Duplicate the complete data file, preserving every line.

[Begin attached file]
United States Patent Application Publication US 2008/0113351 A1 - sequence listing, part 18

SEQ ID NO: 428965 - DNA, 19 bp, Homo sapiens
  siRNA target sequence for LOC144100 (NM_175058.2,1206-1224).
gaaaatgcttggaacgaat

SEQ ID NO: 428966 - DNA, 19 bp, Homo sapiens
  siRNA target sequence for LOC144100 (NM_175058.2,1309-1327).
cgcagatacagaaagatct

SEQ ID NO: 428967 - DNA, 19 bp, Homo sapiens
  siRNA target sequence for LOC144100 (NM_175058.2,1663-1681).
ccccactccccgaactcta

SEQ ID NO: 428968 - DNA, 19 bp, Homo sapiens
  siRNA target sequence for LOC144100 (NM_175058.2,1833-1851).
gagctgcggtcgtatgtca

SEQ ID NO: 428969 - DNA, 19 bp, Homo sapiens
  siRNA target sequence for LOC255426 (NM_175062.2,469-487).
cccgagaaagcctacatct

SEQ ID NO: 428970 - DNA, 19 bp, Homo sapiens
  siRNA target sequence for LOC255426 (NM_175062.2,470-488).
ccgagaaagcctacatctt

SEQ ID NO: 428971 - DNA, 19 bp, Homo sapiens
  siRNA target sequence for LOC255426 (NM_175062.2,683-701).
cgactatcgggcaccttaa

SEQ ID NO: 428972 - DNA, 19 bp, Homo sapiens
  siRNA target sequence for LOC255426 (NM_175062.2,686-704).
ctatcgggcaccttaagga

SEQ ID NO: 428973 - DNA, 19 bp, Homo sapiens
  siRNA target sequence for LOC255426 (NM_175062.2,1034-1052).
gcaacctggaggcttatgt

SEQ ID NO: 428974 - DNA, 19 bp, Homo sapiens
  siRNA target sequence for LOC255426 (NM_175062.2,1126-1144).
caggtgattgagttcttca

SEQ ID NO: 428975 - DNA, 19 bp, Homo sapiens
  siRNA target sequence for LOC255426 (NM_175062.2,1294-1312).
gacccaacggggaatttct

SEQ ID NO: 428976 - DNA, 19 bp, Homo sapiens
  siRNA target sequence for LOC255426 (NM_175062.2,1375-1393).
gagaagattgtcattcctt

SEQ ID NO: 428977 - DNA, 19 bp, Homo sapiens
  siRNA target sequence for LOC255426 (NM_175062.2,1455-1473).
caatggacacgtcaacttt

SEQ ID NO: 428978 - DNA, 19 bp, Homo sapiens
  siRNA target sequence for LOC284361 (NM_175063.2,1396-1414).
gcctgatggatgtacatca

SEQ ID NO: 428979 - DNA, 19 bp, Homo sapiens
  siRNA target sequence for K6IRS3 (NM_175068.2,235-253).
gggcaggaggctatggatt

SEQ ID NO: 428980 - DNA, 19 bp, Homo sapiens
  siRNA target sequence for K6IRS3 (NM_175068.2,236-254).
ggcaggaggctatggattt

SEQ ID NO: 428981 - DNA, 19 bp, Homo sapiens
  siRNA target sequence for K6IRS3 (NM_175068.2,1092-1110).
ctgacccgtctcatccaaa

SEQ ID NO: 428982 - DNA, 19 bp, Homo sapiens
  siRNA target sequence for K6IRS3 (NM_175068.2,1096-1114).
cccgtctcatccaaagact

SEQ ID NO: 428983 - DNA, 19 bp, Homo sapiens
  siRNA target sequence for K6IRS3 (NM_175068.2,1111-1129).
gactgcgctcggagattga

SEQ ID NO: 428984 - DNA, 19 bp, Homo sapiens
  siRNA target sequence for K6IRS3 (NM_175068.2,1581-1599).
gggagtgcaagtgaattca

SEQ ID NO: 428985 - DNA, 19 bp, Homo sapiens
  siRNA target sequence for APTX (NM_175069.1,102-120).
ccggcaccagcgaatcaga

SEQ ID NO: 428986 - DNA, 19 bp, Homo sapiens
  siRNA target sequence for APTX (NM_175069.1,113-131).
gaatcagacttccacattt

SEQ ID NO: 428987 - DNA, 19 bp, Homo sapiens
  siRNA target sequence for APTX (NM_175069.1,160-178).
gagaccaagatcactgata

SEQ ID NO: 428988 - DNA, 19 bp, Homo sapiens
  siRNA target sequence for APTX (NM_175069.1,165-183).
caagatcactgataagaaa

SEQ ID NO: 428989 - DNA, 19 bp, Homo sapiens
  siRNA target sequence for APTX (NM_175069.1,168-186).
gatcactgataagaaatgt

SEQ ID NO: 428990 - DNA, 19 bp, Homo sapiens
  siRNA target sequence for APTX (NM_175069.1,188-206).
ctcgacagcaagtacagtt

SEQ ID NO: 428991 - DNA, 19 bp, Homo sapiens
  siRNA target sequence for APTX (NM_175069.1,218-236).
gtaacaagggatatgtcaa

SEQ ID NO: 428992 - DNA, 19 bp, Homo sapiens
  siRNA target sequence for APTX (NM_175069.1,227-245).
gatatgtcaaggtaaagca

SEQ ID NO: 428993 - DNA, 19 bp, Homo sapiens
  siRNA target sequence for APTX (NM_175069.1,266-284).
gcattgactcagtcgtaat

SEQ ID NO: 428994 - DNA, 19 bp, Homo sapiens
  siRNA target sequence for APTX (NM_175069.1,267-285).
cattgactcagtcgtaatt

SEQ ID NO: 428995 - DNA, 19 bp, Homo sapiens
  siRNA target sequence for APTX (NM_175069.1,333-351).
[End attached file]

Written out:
United States Patent Application Publication US 2008/0113351 A1 - sequence listing, part 18

SEQ ID NO: 428965 - DNA, 19 bp, Homo sapiens
  siRNA target sequence for LOC144100 (NM_175058.2,1206-1224).
gaaaatgcttggaacgaat

SEQ ID NO: 428966 - DNA, 19 bp, Homo sapiens
  siRNA target sequence for LOC144100 (NM_175058.2,1309-1327).
cgcagatacagaaagatct

SEQ ID NO: 428967 - DNA, 19 bp, Homo sapiens
  siRNA target sequence for LOC144100 (NM_175058.2,1663-1681).
ccccactccccgaactcta

SEQ ID NO: 428968 - DNA, 19 bp, Homo sapiens
  siRNA target sequence for LOC144100 (NM_175058.2,1833-1851).
gagctgcggtcgtatgtca

SEQ ID NO: 428969 - DNA, 19 bp, Homo sapiens
  siRNA target sequence for LOC255426 (NM_175062.2,469-487).
cccgagaaagcctacatct

SEQ ID NO: 428970 - DNA, 19 bp, Homo sapiens
  siRNA target sequence for LOC255426 (NM_175062.2,470-488).
ccgagaaagcctacatctt

SEQ ID NO: 428971 - DNA, 19 bp, Homo sapiens
  siRNA target sequence for LOC255426 (NM_175062.2,683-701).
cgactatcgggcaccttaa

SEQ ID NO: 428972 - DNA, 19 bp, Homo sapiens
  siRNA target sequence for LOC255426 (NM_175062.2,686-704).
ctatcgggcaccttaagga

SEQ ID NO: 428973 - DNA, 19 bp, Homo sapiens
  siRNA target sequence for LOC255426 (NM_175062.2,1034-1052).
gcaacctggaggcttatgt

SEQ ID NO: 428974 - DNA, 19 bp, Homo sapiens
  siRNA target sequence for LOC255426 (NM_175062.2,1126-1144).
caggtgattgagttcttca

SEQ ID NO: 428975 - DNA, 19 bp, Homo sapiens
  siRNA target sequence for LOC255426 (NM_175062.2,1294-1312).
gacccaacggggaatttct

SEQ ID NO: 428976 - DNA, 19 bp, Homo sapiens
  siRNA target sequence for LOC255426 (NM_175062.2,1375-1393).
gagaagattgtcattcctt

SEQ ID NO: 428977 - DNA, 19 bp, Homo sapiens
  siRNA target sequence for LOC255426 (NM_175062.2,1455-1473).
caatggacacgtcaacttt

SEQ ID NO: 428978 - DNA, 19 bp, Homo sapiens
  siRNA target sequence for LOC284361 (NM_175063.2,1396-1414).
gcctgatggatgtacatca

SEQ ID NO: 428979 - DNA, 19 bp, Homo sapiens
  siRNA target sequence for K6IRS3 (NM_175068.2,235-253).
gggcaggaggctatggatt

SEQ ID NO: 428980 - DNA, 19 bp, Homo sapiens
  siRNA target sequence for K6IRS3 (NM_175068.2,236-254).
ggcaggaggctatggattt

SEQ ID NO: 428981 - DNA, 19 bp, Homo sapiens
  siRNA target sequence for K6IRS3 (NM_175068.2,1092-1110).
ctgacccgtctcatccaaa

SEQ ID NO: 428982 - DNA, 19 bp, Homo sapiens
  siRNA target sequence for K6IRS3 (NM_175068.2,1096-1114).
cccgtctcatccaaagact

SEQ ID NO: 428983 - DNA, 19 bp, Homo sapiens
  siRNA target sequence for K6IRS3 (NM_175068.2,1111-1129).
gactgcgctcggagattga

SEQ ID NO: 428984 - DNA, 19 bp, Homo sapiens
  siRNA target sequence for K6IRS3 (NM_175068.2,1581-1599).
gggagtgcaagtgaattca

SEQ ID NO: 428985 - DNA, 19 bp, Homo sapiens
  siRNA target sequence for APTX (NM_175069.1,102-120).
ccggcaccagcgaatcaga

SEQ ID NO: 428986 - DNA, 19 bp, Homo sapiens
  siRNA target sequence for APTX (NM_175069.1,113-131).
gaatcagacttccacattt

SEQ ID NO: 428987 - DNA, 19 bp, Homo sapiens
  siRNA target sequence for APTX (NM_175069.1,160-178).
gagaccaagatcactgata

SEQ ID NO: 428988 - DNA, 19 bp, Homo sapiens
  siRNA target sequence for APTX (NM_175069.1,165-183).
caagatcactgataagaaa

SEQ ID NO: 428989 - DNA, 19 bp, Homo sapiens
  siRNA target sequence for APTX (NM_175069.1,168-186).
gatcactgataagaaatgt

SEQ ID NO: 428990 - DNA, 19 bp, Homo sapiens
  siRNA target sequence for APTX (NM_175069.1,188-206).
ctcgacagcaagtacagtt

SEQ ID NO: 428991 - DNA, 19 bp, Homo sapiens
  siRNA target sequence for APTX (NM_175069.1,218-236).
gtaacaagggatatgtcaa

SEQ ID NO: 428992 - DNA, 19 bp, Homo sapiens
  siRNA target sequence for APTX (NM_175069.1,227-245).
gatatgtcaaggtaaagca

SEQ ID NO: 428993 - DNA, 19 bp, Homo sapiens
  siRNA target sequence for APTX (NM_175069.1,266-284).
gcattgactcagtcgtaat

SEQ ID NO: 428994 - DNA, 19 bp, Homo sapiens
  siRNA target sequence for APTX (NM_175069.1,267-285).
cattgactcagtcgtaatt

SEQ ID NO: 428995 - DNA, 19 bp, Homo sapiens
  siRNA target sequence for APTX (NM_175069.1,333-351).